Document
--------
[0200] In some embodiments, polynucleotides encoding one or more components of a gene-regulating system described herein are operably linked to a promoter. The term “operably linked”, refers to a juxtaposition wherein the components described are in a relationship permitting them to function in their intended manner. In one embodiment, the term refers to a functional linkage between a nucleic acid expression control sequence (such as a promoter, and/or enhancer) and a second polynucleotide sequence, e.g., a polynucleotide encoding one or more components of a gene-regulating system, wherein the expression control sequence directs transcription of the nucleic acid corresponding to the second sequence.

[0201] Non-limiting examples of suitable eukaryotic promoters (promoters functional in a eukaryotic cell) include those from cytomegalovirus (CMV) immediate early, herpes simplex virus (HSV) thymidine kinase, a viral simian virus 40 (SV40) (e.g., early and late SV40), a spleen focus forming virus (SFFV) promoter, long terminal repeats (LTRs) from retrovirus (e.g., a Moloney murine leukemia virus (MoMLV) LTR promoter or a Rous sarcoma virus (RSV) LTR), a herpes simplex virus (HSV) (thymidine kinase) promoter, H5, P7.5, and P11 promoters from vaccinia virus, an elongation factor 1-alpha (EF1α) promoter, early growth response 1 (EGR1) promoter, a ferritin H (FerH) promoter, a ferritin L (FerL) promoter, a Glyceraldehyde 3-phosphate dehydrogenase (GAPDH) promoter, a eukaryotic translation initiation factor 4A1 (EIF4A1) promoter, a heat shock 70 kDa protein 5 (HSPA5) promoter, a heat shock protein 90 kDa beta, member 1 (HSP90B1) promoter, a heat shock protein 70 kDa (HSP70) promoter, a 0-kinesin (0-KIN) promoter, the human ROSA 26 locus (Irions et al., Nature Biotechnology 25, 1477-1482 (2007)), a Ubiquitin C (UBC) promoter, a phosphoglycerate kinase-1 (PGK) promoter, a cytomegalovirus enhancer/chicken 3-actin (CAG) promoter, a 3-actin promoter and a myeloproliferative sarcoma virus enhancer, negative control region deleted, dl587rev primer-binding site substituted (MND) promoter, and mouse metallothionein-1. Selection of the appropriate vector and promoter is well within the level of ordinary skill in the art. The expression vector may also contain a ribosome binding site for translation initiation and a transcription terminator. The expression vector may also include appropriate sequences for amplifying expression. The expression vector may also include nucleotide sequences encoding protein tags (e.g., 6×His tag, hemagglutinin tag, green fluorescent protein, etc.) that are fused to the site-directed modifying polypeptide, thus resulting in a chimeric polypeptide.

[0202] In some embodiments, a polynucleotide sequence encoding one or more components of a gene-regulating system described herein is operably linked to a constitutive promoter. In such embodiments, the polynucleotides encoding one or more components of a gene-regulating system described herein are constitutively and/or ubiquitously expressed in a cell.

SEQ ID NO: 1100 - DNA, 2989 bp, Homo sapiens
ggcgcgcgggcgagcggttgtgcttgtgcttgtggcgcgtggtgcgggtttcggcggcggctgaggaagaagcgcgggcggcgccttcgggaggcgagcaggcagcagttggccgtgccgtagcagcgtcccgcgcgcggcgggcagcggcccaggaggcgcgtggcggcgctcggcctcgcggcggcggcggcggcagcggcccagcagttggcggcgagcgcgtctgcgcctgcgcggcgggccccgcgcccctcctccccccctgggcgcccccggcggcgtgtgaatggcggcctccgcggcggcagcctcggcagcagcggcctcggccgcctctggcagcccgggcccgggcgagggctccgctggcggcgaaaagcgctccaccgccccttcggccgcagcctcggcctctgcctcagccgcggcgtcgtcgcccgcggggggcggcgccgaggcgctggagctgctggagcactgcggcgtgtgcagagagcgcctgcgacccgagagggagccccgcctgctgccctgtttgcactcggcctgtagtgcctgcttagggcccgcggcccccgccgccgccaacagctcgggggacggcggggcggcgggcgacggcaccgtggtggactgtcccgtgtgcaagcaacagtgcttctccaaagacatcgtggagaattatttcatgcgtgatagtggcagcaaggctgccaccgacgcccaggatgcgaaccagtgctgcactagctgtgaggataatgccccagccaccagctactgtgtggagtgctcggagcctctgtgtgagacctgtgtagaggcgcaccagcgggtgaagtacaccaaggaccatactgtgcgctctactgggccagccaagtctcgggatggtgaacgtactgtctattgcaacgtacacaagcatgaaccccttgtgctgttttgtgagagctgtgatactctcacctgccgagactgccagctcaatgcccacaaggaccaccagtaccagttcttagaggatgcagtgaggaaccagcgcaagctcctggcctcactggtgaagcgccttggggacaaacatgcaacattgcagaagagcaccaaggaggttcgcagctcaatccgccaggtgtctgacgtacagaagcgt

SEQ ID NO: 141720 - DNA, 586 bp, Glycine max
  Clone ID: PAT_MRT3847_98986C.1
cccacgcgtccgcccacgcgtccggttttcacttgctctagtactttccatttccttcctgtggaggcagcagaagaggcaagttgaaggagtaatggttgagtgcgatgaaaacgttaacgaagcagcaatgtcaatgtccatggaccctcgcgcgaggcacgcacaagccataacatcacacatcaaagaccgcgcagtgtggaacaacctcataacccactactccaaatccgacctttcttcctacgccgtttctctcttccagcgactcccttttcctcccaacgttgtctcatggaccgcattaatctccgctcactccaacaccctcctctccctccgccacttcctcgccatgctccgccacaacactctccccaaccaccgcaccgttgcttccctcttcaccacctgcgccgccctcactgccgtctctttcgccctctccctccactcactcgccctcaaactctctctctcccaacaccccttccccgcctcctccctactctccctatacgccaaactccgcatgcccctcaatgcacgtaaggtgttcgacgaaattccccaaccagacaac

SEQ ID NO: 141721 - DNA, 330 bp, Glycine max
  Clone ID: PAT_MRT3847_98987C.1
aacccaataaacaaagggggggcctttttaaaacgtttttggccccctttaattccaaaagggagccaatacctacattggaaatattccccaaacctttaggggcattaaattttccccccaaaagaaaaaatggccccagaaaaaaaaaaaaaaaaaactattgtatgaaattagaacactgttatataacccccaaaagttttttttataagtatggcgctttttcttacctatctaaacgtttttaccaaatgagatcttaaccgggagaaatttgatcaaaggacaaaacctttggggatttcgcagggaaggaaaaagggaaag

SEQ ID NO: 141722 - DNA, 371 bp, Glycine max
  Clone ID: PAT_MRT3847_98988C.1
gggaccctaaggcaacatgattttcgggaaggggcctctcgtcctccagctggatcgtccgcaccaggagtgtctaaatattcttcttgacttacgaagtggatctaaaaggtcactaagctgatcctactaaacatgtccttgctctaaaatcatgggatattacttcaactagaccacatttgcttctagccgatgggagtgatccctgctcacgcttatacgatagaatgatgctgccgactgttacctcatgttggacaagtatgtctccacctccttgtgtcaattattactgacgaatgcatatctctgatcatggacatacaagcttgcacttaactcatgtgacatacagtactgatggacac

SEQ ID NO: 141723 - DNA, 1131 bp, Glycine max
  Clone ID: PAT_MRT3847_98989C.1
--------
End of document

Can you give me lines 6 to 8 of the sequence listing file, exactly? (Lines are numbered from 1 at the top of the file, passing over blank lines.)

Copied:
SEQ ID NO: 141720 - DNA, 586 bp, Glycine max
  Clone ID: PAT_MRT3847_98986C.1
cccacgcgtccgcccacgcgtccggttttcacttgctctagtactttccatttccttcctgtggaggcagcagaagaggcaagttgaaggagtaatggttgagtgcgatgaaaacgttaacgaagcagcaatgtcaatgtccatggaccctcgcgcgaggcacgcacaagccataacatcacacatcaaagaccgcgcagtgtggaacaacctcataacccactactccaaatccgacctttcttcctacgccgtttctctcttccagcgactcccttttcctcccaacgttgtctcatggaccgcattaatctccgctcactccaacaccctcctctccctccgccacttcctcgccatgctccgccacaacactctccccaaccaccgcaccgttgcttccctcttcaccacctgcgccgccctcactgccgtctctttcgccctctccctccactcactcgccctcaaactctctctctcccaacaccccttccccgcctcctccctactctccctatacgccaaactccgcatgcccctcaatgcacgtaaggtgttcgacgaaattccccaaccagacaac